Environment - Social Sciences - 08.02.2022
Citizen Science: Knowledge as a weapon in the fight for clean water
Citizen Science: Knowledge as a weapon in the fight for clean water
There is too much nickel, too much arsenic and far too much manganese. The research project by Désirée Ruppen, who is doing her doctorate at the aquatic research institute Eawag and the ETH Zurich, provides watertight proof for the first time of what everyone on the ground already knew. The Deka River in the Hwange district is heavily polluted by coal mining and the coal-fired power plant, and is a serious health risk for the people who drink its water or fish in it.

Life Sciences - Health - 08.02.2022
Genome of Steller’s Sea Cow Decoded
During the Ice Age, giant mammals such as mammoths, sabre-toothed cats and woolly rhinoceroses once roamed Northern Europe and America. The cold oceans of the northern hemisphere were also home to giants like Steller's sea cow, which grew up to eight metres long and weighed up to ten tonnes, and has been extinct for around 250 years.

Health - Life Sciences - 08.02.2022
A protein present in the gum may help prevent Alzheimer's
A protein present in the gum may help prevent Alzheimer’s
A research team affiliated with the Faculty of Dentistry at UdeM has shed new light on a human protein with potential benefits beyond oral and dental health. Recent studies have shown that a protein present in the gingival epithelium (the part of the gums that surrounds the teeth) may have antimicrobial properties, in particular against the bacterium Porphyromonas gingivalis (P.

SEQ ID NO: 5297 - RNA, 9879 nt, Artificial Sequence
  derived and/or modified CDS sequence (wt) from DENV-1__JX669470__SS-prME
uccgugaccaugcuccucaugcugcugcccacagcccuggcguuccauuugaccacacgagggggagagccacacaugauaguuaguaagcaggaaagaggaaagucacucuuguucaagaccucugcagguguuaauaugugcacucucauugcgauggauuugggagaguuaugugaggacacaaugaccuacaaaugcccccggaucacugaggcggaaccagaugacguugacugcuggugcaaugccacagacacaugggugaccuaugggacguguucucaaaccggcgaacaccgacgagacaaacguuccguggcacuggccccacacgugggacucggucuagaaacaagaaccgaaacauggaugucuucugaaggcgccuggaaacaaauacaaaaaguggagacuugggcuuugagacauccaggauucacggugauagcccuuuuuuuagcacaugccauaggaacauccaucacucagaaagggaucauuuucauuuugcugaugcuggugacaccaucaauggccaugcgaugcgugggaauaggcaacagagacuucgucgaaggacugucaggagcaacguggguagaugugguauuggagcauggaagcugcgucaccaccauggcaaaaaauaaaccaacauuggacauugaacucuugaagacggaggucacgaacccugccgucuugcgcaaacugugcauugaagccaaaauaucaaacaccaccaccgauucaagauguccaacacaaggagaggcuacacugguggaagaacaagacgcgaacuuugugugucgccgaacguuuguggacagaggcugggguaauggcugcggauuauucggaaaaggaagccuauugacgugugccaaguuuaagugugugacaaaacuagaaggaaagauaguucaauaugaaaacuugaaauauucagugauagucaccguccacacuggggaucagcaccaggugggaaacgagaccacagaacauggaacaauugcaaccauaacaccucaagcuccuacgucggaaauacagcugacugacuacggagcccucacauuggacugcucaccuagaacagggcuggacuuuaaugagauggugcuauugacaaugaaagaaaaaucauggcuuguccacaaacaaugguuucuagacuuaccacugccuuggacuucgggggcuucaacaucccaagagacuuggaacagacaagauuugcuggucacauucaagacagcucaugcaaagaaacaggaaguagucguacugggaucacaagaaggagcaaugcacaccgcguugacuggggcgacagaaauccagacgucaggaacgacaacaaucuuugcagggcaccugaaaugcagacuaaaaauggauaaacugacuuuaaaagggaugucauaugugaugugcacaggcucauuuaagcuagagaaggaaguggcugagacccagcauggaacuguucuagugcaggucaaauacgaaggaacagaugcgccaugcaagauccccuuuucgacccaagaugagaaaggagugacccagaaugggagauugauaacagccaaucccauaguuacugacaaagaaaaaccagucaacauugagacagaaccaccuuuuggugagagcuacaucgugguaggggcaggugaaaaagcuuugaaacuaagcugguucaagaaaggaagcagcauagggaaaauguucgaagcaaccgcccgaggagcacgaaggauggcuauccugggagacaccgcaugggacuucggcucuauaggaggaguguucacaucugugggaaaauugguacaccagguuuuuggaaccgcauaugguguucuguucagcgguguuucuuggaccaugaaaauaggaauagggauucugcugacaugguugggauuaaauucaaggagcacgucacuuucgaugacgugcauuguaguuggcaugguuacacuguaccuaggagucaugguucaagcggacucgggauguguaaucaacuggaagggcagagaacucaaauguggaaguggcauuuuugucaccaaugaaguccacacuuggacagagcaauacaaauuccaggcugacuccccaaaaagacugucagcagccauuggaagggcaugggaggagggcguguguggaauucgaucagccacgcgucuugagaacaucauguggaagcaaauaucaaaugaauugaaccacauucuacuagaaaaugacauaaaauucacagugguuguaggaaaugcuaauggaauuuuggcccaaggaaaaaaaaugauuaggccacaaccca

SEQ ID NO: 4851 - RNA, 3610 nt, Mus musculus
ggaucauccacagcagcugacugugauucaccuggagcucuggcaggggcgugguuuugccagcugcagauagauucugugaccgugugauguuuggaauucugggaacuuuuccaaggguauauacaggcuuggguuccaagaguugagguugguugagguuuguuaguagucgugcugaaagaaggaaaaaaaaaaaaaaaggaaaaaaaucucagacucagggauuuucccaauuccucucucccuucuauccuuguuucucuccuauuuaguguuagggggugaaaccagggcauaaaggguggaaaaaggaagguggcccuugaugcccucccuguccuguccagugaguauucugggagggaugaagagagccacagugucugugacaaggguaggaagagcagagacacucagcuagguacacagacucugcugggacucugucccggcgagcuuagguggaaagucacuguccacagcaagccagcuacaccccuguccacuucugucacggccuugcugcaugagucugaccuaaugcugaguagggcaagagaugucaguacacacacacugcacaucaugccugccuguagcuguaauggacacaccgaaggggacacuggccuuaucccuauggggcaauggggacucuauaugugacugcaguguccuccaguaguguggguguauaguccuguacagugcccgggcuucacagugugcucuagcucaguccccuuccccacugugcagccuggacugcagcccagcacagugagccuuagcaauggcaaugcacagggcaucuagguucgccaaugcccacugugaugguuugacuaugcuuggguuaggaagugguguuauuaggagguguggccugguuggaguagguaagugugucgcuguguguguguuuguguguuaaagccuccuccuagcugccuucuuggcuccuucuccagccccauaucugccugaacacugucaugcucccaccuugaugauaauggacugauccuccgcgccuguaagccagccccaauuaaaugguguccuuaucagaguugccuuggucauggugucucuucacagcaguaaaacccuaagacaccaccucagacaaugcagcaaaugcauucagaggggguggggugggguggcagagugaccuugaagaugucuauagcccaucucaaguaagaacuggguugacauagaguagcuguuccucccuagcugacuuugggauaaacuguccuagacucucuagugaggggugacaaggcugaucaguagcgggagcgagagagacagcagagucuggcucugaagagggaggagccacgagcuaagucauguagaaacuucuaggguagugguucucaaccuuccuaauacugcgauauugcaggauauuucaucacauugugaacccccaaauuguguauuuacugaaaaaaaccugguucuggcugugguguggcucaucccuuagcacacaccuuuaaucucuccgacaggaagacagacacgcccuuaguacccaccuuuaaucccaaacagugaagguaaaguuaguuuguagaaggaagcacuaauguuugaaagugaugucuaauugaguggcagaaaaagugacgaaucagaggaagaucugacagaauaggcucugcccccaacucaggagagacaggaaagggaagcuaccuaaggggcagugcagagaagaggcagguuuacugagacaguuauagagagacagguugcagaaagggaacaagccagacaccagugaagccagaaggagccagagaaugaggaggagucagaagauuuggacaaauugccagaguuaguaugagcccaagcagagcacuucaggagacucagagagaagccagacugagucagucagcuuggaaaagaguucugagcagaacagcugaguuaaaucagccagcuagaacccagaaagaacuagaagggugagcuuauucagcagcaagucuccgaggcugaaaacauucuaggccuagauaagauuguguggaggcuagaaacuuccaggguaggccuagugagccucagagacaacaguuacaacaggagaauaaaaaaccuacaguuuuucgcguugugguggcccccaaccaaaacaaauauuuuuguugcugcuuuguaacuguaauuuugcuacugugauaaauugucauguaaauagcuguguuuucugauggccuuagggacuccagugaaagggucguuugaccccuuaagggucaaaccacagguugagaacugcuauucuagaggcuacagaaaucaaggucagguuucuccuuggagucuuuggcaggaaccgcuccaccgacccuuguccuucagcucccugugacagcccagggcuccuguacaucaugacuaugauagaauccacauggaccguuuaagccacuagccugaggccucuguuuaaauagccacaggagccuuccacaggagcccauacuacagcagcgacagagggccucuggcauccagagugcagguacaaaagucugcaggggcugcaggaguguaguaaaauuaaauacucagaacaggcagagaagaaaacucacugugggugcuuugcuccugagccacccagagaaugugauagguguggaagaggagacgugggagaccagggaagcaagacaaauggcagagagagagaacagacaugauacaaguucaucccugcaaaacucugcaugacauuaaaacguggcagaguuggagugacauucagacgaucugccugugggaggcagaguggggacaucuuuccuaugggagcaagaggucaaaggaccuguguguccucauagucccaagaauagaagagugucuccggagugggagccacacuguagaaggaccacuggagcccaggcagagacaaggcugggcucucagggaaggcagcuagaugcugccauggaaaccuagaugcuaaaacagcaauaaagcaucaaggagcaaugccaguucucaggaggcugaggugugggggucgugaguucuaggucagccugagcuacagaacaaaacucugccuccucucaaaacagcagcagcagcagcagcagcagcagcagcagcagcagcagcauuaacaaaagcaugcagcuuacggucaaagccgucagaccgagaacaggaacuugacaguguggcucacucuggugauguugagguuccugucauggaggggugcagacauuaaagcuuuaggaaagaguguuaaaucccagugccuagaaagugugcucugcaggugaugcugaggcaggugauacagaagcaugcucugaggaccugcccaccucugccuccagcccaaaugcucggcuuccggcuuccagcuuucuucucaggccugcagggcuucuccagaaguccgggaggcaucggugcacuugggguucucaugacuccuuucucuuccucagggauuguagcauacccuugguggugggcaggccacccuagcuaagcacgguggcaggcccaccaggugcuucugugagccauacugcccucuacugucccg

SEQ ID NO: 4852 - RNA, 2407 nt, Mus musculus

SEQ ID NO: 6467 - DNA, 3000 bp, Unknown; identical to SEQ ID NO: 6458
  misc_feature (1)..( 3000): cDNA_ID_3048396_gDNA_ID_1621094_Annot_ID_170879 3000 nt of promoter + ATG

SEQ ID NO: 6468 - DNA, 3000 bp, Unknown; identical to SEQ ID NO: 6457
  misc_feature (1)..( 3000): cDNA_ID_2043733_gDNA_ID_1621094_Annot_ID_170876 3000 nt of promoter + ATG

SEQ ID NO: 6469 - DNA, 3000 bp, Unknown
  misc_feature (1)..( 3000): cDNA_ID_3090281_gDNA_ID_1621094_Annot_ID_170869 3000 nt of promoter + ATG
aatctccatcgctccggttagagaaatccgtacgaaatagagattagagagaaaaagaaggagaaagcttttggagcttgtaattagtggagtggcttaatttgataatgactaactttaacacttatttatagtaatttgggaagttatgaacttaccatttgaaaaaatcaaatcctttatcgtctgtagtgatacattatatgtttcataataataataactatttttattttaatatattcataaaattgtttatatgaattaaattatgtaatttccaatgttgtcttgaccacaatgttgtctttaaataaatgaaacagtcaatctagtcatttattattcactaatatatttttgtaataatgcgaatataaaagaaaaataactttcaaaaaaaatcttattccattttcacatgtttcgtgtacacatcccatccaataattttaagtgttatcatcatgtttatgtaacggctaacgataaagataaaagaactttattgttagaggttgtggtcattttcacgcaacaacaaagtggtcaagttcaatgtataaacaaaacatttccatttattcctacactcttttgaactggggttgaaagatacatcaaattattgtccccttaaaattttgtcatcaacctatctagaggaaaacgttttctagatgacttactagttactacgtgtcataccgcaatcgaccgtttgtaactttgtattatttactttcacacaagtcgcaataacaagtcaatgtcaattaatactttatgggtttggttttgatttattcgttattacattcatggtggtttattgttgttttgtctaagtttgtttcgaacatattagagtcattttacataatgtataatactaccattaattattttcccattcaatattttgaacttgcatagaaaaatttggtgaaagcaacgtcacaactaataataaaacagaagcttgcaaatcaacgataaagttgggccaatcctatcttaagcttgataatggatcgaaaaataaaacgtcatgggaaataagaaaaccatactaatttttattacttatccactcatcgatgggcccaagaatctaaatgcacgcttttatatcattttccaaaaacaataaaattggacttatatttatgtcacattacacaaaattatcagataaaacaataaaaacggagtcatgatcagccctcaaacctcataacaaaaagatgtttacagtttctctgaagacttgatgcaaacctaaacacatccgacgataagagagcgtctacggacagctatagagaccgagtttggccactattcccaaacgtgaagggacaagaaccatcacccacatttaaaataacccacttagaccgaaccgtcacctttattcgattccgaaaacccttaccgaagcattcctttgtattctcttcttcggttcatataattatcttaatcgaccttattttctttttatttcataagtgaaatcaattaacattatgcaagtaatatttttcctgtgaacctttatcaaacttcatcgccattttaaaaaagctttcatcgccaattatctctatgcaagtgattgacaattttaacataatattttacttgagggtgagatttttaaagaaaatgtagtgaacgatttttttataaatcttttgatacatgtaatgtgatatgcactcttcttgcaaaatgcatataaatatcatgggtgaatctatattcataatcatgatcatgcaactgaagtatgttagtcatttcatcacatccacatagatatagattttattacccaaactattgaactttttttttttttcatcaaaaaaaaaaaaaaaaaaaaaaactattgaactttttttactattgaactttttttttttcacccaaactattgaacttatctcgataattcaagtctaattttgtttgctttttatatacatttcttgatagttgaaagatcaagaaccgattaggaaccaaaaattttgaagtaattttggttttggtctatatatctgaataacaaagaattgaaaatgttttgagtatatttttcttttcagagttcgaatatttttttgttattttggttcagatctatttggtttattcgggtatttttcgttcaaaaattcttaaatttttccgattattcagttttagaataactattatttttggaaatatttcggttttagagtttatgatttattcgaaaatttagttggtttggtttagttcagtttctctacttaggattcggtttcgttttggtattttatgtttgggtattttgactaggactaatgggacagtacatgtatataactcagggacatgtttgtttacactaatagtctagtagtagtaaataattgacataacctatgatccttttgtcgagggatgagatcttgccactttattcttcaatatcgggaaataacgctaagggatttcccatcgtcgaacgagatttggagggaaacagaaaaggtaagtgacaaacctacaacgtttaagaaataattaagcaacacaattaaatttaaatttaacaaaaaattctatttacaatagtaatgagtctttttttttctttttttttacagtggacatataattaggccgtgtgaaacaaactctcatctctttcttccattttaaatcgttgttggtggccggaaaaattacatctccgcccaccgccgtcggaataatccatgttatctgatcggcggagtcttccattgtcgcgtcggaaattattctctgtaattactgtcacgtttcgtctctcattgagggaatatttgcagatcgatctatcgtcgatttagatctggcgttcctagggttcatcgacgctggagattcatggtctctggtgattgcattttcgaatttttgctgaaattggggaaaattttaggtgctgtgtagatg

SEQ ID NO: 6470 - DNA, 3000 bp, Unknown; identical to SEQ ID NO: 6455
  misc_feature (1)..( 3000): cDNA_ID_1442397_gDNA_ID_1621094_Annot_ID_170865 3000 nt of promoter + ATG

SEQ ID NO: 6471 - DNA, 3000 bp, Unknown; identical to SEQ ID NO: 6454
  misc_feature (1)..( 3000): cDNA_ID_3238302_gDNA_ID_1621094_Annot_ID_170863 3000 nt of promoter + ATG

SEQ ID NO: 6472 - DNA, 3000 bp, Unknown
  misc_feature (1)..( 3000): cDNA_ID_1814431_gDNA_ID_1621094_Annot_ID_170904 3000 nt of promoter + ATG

Environment - Social Sciences - 08.02.2022
International land use scientists urge policymakers to adopt new approaches to addressing climate change, biodiversity and other global crises
New study IDs "10 Facts" about global land use and details opportunities for a more sustainable and equitable approach A new report released today in the Proceedings of the National Academy of Sciences of the United States of America (PNAS) is a call to action for policymakers worldwide seeking to develop sustainable and equitable solutions to our most urgent global challenges.

Health - Social Sciences - 08.02.2022
Altitude Positively Impacts Cardiovascular Health Peruvian Study Finds
Altitude Positively Impacts Cardiovascular Health Peruvian Study Finds
People living in high altitudes are less likely to develop metabolic syndrome, a key indicator of cardiovascular health. A study published today in PLOS One investigated the association between the prevalence of metabolic syndrome and the use of improved cook stoves in the rural Andes in Peru. While the use of these stoves was not found to be related to better metabolic health, body mass index (BMI) and altitude appear to be strong determinants of metabolic syndrome.

Astronomy / Space Science - Chemistry - 08.02.2022
Microgravity experiments could help future space missions source oxygen
New research on generating oxygen from water found on the surfaces of other planets could help support future long-term missions to the Moon and Mars. Researchers from the University of Glasgow and colleagues took a series of gruelling flights into microgravity to study how the different gravitational pull of other planets could affect the process of electrolysis.

Social Sciences - 08.02.2022
Our mathematical reasoning is shaped by language and culture